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Old 06-01-21, 03:28 PM
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Because some people aren't picky when it comes to saddle. I am one of them. If bikes came with decent pedals, I'd probably keep the originals as well.

While my factory saddles are clearly not ''perfectly'' fitted for my arse, they do the job and I don't have any discomfort.
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Old 06-01-21, 03:31 PM
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Since we are already heading down this path, how about cassettes too? Surely I am not the only one who finds that although the range offered by a 11-32 cassette is wide, it involves too many shifts that are too disruptive to cadence?
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Old 06-01-21, 04:02 PM
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Originally Posted by Reflector Guy
They should probably sell bikes without wheels, too, for the same reason. Not everyone is content to stick with the same wheels that came on the bike.

As a bonus, the box will be quite a bit smaller which will save money on shipping.
Plus they can list lower weights.
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Old 06-01-21, 04:19 PM
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Originally Posted by Seattle Forrest
I don't think most bikes come with very expensive saddles. Among the people who replace them, most are probably ok using the saddle that came with the bike while the new one ships?
Yep. And then they get tossed into the parts bin. Last year I put one of those old stock saddles on a neighborhood kid's bike, and he likes it well enough.

My 2008 Tarmac came with a Toupe, and I rode it for 11 years until it wore out. And then I bought another Toupe.
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Old 06-01-21, 04:39 PM
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I would guess to avoid the liability of selling a bike without a saddle.

Last edited by seypat; 06-02-21 at 05:54 AM.
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Old 06-01-21, 05:00 PM
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Originally Posted by seypat
I would guess to avoid the liability of selling a a bike without a saddle.
Just because a bike ships without a saddle (or pedals) doesn't mean it has to leave the store that way.
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Old 06-01-21, 08:54 PM
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Originally Posted by SoSmellyAir
Since we are already heading down this path, how about cassettes too?
I can relate. I'd be happy to swap the saddle that came with my bike (Specialized Diverge) for a better one, but the one that came with the bike seems fine after nearly two years of riding it. Meanwhile, I've swapped the 11-34 cassette that came with the bike for an 11-28.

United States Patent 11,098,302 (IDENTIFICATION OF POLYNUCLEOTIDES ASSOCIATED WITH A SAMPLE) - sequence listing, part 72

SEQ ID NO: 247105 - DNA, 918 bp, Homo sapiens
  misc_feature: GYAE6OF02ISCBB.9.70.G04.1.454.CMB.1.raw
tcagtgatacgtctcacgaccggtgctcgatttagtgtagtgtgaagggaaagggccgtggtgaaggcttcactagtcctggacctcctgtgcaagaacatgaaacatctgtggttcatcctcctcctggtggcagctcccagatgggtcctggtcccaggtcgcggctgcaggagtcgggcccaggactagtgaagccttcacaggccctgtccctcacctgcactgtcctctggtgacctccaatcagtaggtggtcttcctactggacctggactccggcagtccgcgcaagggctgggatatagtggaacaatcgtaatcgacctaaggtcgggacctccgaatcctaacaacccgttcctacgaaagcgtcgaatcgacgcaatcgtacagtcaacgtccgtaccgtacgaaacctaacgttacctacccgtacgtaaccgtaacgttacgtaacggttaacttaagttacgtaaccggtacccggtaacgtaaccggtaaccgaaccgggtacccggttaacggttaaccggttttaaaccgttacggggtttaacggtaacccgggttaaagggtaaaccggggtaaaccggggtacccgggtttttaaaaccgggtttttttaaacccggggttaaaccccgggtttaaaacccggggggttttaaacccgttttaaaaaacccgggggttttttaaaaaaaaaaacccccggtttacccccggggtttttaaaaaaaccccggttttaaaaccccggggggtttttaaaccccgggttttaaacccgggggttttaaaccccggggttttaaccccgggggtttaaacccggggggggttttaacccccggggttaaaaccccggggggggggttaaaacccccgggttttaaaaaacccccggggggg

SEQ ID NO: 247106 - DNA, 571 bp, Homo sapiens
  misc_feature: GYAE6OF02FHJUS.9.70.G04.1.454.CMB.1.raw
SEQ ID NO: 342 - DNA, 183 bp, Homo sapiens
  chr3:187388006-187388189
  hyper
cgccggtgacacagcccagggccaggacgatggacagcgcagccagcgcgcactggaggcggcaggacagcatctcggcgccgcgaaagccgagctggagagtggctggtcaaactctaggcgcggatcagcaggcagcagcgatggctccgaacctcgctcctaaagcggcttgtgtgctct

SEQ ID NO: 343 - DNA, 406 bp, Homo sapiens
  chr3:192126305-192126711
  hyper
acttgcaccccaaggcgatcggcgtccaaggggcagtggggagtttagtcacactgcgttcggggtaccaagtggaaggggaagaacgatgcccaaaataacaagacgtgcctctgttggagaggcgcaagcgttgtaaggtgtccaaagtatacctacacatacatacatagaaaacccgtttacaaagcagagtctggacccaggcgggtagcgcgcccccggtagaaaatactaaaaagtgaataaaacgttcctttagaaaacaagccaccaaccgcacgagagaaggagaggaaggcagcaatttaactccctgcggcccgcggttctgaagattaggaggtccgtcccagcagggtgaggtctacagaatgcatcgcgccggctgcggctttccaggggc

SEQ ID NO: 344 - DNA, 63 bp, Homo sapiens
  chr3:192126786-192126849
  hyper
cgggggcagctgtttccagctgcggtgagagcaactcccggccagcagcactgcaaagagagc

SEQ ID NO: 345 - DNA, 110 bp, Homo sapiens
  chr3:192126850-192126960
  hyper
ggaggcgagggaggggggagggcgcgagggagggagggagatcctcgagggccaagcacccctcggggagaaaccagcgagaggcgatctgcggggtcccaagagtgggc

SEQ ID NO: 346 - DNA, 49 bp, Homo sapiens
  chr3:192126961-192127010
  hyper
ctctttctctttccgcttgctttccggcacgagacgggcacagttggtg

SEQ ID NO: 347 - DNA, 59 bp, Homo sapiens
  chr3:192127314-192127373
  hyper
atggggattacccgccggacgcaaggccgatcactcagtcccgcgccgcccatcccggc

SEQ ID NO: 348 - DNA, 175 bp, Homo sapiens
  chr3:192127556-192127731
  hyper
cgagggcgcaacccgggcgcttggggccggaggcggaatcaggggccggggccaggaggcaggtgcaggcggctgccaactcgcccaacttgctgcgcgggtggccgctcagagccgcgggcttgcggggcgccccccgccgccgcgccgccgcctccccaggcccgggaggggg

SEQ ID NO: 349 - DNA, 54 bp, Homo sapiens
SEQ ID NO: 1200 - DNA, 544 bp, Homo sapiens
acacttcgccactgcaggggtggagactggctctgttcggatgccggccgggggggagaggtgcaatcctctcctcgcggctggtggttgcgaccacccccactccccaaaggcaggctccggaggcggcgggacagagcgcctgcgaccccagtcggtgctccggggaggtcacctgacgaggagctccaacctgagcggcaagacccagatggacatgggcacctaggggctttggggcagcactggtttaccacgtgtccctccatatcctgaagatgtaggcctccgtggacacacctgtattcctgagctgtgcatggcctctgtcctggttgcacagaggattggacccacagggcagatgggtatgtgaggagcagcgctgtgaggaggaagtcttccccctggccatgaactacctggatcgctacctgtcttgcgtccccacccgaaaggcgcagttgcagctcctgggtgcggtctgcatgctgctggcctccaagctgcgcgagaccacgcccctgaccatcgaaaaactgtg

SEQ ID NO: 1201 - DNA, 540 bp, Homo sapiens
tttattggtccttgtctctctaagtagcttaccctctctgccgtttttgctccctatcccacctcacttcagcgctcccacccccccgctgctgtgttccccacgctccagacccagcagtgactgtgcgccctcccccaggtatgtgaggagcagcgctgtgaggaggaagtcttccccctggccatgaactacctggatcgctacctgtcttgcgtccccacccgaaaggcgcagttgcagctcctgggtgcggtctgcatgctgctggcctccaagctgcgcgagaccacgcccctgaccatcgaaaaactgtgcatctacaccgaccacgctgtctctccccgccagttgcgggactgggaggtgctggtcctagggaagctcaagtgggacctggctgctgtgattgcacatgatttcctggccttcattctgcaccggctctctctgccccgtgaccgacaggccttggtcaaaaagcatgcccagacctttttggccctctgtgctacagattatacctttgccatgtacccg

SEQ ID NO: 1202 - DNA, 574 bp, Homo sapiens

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Old 06-01-21, 09:01 PM
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Originally Posted by Reflector Guy
They should probably sell bikes without wheels, too, for the same reason. Not everyone is content to stick with the same wheels that came on the bike.

As a bonus, the box will be quite a bit smaller which will save money on shipping.
This...
My wife after 13 years has decided her road bike saddle is no longer comfortable. I've been trying to explain its probably broken down after all this time but she liked it up until a year ago. Still has the same saddles her cross and MTB bikes came with. I still have the factory MTB, and gravel bike saddles. I'd say 3/4 of our bikes have the stock saddle, but every single bike has had the wheels replaced with something prettier, lighter and faster.
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Old 06-01-21, 09:21 PM
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There should a display version of the bike, fully built. The rest should be ready to swap bars, stem, saddle, pedals, wheels or cassette. It always seemed pretty dumb to me when I was taping up the bars on a bike, when the owner hadn't even come along yet.

The stock tape could just be sold cheap, with the bike's new owner getting that much discount on the tape of their preference. Same with bars or whatever.
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Old 06-01-21, 10:19 PM
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Originally Posted by JonnyV
Have you met people? Have you heard about the tide pod challenge? If bikes came without saddles people would complain that their seat post isn't comfortable.
This day and age, some may not...
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Old 06-01-21, 11:09 PM
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Raleighs are famous for their Brooks Saddles!!!

One might consider "Window Dressing". Bikes look far more complete in bike shops with a seat. It would be a pretty odd looking shop with a bunch of bikes with no seats and no pedals.

I bet "House Brand" seats (Specialized, Bontrager, etc), are far cheaper to manufacture than the retail prices would indicate. So, it may well be a $5 seat on a $1500+ bicyle.

Most of my bike purchases are used, and often in parts. However, if I got a bike with a good seat, I'd ride it until either it wore out, or something else struck my fancy.